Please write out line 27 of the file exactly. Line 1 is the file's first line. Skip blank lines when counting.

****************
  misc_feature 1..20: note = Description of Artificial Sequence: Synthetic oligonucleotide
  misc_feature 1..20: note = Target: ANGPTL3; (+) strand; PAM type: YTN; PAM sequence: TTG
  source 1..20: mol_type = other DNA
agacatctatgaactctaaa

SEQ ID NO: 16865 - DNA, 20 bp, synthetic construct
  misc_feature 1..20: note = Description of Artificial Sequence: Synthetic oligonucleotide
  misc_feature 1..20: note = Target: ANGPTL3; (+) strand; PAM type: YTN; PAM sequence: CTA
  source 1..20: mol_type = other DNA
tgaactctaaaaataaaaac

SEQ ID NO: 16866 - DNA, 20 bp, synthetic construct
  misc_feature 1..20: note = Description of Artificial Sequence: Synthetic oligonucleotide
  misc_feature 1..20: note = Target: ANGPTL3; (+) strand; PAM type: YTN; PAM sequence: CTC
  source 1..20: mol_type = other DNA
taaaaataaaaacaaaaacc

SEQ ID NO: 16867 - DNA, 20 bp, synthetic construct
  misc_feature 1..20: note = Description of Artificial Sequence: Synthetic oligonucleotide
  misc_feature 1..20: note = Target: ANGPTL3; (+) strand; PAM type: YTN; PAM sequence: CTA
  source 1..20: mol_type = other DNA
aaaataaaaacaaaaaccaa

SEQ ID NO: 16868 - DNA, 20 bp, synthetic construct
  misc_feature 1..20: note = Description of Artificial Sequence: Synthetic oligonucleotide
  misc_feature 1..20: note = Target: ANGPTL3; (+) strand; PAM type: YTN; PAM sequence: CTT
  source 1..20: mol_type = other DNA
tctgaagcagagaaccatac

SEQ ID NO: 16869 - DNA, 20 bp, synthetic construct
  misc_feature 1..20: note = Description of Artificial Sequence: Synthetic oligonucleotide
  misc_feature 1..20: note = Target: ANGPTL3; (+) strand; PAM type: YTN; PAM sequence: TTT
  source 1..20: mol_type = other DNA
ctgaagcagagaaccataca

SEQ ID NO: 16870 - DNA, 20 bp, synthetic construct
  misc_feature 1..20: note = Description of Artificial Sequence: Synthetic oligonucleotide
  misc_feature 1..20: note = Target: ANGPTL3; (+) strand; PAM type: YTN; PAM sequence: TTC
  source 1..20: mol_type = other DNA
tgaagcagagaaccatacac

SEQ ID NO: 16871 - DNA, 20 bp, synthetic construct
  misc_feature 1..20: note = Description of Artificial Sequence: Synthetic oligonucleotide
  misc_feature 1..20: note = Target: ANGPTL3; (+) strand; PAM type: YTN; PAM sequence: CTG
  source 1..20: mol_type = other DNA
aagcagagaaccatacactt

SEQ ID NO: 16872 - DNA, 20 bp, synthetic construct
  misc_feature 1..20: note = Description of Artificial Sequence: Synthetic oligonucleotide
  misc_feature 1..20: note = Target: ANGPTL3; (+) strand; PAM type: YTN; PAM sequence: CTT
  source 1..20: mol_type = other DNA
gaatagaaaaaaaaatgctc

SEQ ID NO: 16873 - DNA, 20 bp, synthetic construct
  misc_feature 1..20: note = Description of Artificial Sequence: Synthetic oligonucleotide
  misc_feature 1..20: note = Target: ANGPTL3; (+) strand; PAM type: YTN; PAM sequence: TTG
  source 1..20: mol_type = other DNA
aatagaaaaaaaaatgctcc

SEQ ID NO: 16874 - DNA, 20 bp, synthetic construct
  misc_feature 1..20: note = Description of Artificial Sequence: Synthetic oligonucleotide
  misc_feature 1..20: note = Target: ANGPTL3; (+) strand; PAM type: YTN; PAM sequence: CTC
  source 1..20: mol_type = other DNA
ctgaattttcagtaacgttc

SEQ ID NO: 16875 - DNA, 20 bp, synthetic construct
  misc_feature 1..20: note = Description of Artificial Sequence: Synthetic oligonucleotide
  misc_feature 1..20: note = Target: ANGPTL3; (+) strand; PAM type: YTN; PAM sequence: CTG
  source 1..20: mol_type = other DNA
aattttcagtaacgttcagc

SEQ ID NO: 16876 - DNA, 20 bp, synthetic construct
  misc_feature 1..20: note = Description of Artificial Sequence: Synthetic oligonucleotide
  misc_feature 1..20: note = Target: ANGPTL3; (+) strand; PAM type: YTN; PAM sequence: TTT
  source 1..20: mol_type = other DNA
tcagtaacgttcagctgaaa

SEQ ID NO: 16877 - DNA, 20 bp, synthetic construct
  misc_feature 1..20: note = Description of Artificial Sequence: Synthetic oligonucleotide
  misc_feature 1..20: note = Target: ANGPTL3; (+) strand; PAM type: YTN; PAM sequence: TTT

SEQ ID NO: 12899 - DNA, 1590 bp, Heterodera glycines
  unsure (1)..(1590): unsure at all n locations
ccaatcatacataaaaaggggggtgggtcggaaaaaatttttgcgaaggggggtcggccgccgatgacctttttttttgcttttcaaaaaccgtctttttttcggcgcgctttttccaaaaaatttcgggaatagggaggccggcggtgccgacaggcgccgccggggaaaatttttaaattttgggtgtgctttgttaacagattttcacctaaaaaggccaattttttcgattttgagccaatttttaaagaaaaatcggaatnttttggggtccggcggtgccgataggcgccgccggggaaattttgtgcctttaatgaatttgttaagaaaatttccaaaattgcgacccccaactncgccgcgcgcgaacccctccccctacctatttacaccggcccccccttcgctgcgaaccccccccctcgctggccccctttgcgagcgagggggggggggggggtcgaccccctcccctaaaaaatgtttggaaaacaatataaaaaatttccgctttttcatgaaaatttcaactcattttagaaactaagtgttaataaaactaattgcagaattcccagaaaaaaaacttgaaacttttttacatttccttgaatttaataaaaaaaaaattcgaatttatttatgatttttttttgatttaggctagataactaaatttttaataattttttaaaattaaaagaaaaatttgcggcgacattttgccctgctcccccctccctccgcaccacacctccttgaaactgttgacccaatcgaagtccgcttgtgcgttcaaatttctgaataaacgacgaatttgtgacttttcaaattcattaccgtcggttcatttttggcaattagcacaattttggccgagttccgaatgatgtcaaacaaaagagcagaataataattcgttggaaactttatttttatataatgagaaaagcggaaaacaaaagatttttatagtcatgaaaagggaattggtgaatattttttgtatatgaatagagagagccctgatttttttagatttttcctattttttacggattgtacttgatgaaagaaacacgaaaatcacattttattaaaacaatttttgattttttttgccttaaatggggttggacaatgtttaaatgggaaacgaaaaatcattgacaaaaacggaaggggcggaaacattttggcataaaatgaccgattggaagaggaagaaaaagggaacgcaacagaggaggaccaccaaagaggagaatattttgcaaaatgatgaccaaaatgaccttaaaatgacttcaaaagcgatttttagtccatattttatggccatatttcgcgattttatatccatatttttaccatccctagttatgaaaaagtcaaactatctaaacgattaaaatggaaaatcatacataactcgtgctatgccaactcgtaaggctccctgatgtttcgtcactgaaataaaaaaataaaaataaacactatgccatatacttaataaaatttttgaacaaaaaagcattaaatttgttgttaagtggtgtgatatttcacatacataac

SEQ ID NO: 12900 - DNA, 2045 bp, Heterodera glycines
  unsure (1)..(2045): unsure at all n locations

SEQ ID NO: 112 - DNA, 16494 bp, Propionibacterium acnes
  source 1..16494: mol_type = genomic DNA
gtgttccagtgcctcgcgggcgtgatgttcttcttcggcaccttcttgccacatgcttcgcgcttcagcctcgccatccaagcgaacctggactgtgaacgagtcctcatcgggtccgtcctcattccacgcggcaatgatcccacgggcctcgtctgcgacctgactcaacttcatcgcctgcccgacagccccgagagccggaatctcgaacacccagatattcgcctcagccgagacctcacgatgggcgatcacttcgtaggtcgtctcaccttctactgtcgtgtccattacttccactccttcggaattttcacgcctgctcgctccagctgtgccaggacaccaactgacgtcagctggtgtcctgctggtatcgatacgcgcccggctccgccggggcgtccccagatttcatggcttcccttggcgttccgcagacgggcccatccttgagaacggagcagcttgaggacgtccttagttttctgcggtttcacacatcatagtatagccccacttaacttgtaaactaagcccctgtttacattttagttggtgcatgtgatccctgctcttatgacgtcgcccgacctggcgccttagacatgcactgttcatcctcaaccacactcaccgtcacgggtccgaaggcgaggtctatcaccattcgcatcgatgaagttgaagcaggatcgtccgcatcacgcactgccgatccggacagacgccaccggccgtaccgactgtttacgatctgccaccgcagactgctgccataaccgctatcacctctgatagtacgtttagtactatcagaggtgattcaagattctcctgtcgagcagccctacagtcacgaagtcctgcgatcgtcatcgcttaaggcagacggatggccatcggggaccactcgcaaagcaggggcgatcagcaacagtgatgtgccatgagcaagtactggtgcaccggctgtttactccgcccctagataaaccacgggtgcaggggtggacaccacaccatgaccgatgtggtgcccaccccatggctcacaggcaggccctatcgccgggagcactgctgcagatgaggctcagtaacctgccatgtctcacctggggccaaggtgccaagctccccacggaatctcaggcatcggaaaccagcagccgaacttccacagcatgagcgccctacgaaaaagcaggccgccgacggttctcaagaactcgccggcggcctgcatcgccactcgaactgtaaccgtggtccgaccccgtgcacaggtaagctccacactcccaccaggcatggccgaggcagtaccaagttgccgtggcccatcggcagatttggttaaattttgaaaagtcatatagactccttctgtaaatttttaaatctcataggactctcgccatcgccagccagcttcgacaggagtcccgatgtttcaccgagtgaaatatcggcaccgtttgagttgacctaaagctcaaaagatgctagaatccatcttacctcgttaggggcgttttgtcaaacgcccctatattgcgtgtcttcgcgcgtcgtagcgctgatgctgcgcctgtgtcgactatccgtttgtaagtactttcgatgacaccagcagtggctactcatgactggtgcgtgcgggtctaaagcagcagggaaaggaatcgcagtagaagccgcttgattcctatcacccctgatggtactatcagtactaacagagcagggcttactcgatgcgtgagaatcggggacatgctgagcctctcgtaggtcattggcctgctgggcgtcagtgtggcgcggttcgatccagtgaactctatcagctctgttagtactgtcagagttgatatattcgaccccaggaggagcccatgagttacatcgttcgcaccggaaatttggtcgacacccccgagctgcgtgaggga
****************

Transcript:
  misc_feature 1..20: note = Target: ANGPTL3; (+) strand; PAM type: YTN; PAM sequence: TTT